1) Chop green beans into 3-4cm pieces. Boil until al dente – or to taste.
2) Hard-boil eggs (5-10 minutes, depending on taste). Peel and quarter when cool.
3) If using fresh tuna or salmon, cook in frying pan or under grill.
4) Arrange lettuce, tomatoes and cucumber on four plates; add cooked green beans and hard-boiled eggs.
5) Add dressing to taste – olive oil is perfect.
6) Place fish on top.
TIP – add anchovies for extra flavour.
Breakfast: Porridge (with water or milk) (C)
Lunch: Brown rice salad (see recipe below) (C)
Dinner: Roast chicken with garlic and lemon, and vegetables or salad (see recipe below) (F)
Roast chicken with garlic & lemon, and vegetables or salad
You can cook chicken in the oven, in its own juices, with absolutely nothing else – but for more flavour, stuff it with garlic and fresh lemon as follows.
1 medium-sized chicken
6-8 garlic cloves
1 lemon, quartered
1) Preheat oven to 350°F/175°C/gas mark 4.
2) If chicken contains giblets, remove and then stuff garlic cloves and lemon quarters into cavity.
3) Cook chicken breast down for the first 30 minutes to allow juices to penetrate breast meat, and then turn over.
4) Cook for a further 30-60 minutes. Serve with a selection of vegetables in winter or mixed salad in summer.
Breakfast: Plain Greek (full-fat) yoghurt with berries (strawberries, raspberries, blackberries and/or blueberries. Frozen berries are quite cheap all year round) (F)
Lunch: Roast chicken salad (leftovers from the night before) (F)
Dinner: Vegetarian chilli and brown rice (see recipe below) (C)
Vegetarian chilli is a classic recipe that every household cook should be able to dish up. This is a really filling meal and great for reheating when you are in a hurry. As the beans provide decent amounts of protein, it can be eaten as a meal in itself, so don’t worry if you don’t have time to do rice or a baked potato.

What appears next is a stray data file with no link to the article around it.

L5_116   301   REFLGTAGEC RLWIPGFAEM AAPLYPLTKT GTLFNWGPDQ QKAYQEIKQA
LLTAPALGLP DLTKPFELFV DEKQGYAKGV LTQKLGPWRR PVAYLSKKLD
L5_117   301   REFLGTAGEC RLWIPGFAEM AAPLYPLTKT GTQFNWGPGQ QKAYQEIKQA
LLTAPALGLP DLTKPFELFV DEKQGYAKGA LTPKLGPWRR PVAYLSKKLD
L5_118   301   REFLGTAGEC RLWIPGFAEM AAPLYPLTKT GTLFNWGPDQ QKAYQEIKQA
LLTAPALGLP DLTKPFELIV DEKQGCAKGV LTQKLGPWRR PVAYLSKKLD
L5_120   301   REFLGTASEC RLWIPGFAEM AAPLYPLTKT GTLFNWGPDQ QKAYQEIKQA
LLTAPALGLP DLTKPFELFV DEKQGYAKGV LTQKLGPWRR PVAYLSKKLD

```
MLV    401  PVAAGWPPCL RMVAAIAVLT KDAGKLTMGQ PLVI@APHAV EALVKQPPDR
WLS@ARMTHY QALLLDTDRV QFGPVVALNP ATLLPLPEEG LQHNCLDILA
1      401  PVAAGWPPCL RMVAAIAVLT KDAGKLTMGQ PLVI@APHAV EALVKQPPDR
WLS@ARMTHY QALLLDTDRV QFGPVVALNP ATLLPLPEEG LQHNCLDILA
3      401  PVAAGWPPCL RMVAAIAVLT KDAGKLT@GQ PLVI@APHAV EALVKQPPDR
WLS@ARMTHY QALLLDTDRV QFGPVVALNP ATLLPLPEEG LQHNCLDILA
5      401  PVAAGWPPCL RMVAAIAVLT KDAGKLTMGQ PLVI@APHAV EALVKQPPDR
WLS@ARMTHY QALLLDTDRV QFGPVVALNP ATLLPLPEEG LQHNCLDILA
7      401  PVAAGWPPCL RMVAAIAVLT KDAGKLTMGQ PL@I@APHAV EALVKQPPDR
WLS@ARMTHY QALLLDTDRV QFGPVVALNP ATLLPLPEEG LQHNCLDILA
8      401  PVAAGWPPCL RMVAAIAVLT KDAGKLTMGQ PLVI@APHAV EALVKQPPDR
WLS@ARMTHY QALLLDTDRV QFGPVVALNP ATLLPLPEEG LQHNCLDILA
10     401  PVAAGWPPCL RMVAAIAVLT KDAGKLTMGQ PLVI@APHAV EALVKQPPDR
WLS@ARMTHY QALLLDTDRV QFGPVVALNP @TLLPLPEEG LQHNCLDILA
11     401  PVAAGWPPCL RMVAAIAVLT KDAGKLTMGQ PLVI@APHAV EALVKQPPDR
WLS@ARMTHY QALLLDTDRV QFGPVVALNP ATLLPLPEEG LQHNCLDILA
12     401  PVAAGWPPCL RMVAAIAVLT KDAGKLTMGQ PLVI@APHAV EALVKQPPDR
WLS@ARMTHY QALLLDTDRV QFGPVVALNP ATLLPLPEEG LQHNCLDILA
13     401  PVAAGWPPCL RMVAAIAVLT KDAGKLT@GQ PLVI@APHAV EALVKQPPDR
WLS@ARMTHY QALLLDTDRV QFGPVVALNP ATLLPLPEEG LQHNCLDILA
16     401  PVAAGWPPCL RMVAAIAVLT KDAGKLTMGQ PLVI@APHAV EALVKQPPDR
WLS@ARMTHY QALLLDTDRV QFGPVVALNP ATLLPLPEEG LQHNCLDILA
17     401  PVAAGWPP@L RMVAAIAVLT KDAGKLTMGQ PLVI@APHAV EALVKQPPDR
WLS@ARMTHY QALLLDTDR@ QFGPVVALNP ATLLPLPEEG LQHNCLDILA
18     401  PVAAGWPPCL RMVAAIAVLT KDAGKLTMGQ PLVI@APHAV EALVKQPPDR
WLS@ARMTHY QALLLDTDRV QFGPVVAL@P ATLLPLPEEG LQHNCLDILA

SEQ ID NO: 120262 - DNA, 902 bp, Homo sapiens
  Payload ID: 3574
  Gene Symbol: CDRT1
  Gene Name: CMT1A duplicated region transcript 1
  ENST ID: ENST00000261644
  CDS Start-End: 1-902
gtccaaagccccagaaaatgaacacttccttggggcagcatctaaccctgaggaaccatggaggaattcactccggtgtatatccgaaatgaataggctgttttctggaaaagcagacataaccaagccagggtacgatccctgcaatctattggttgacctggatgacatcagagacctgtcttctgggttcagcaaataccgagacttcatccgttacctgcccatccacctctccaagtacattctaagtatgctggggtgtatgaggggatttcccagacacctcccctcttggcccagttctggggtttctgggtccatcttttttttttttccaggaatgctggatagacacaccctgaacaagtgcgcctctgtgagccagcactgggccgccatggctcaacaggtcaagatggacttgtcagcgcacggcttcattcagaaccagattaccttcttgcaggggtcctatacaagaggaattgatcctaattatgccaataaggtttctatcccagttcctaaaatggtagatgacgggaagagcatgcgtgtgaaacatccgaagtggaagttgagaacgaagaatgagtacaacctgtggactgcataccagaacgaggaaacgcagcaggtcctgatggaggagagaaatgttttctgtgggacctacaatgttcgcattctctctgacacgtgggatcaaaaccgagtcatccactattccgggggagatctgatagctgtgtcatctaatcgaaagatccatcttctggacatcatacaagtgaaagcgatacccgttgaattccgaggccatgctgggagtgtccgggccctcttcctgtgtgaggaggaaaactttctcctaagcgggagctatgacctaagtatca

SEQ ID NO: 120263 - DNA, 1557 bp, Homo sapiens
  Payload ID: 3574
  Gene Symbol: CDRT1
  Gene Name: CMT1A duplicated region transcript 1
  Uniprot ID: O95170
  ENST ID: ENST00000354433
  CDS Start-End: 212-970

2tbsp olive oil, 2 finely chopped onions, 1 deseeded & chopped red pepper, 1 crushed garlic clove,
1.5kg mixed vegetables (carrots, courgettes, cauliflower, broccoli, leeks) cut into 2cm cubes, 400g tin unsweetened drained kidney beans, 400g tin chopped tomatoes
2 deseeded & sliced chillies, Chilli powder to taste (2-4tsp)
1) In a large saucepan or wok, heat oil and gently fry onions until soft.
2) Add pepper and garlic and fry for further 3-4 minutes.
3) Add all mixed vegetables, including kidney beans, tinned tomatoes and chillies and give a good stir.
4) Stir in chilli powder and put lid on pan. Bring to boil and reduce to simmer and cook for 20-30 minutes, or until vegetables are tender.
5) Serve with brown rice or crispy baked potato.
Breakfast: Brown rice cereal (C) (Available in the gluten-free section in supermarkets and/or in health food shops)
Lunch: Baked potato and leftover vegetarian chilli (Pre-cook a baked potato when you have the oven on for the roast chicken. Reheat lunch in the microwave at work.) (C)
Dinner: Salmon steaks with lime & coriander and vegetables or salad (see recipe below) (F)
Salmon steaks with lime & coriander and vegetables or salad
The easiest meals comprise quality meat, fish and/or eggs and vegetables. Often a few herbs on chicken or some fennel seeds on a pork chop can really enhance the flavour. This recipe is a prime example of getting a well-sourced salmon steak (ideally from your local fishmonger) and adding just a couple of simple ingredients to transform the basic fish into something with a zing.
2 salmon steaks, handful of freshly chopped coriander, juice and grated zest of half a lime.
1) Place salmon steaks skinside down in oven-proof dish and sprinkle fresh coriander and lime juice over.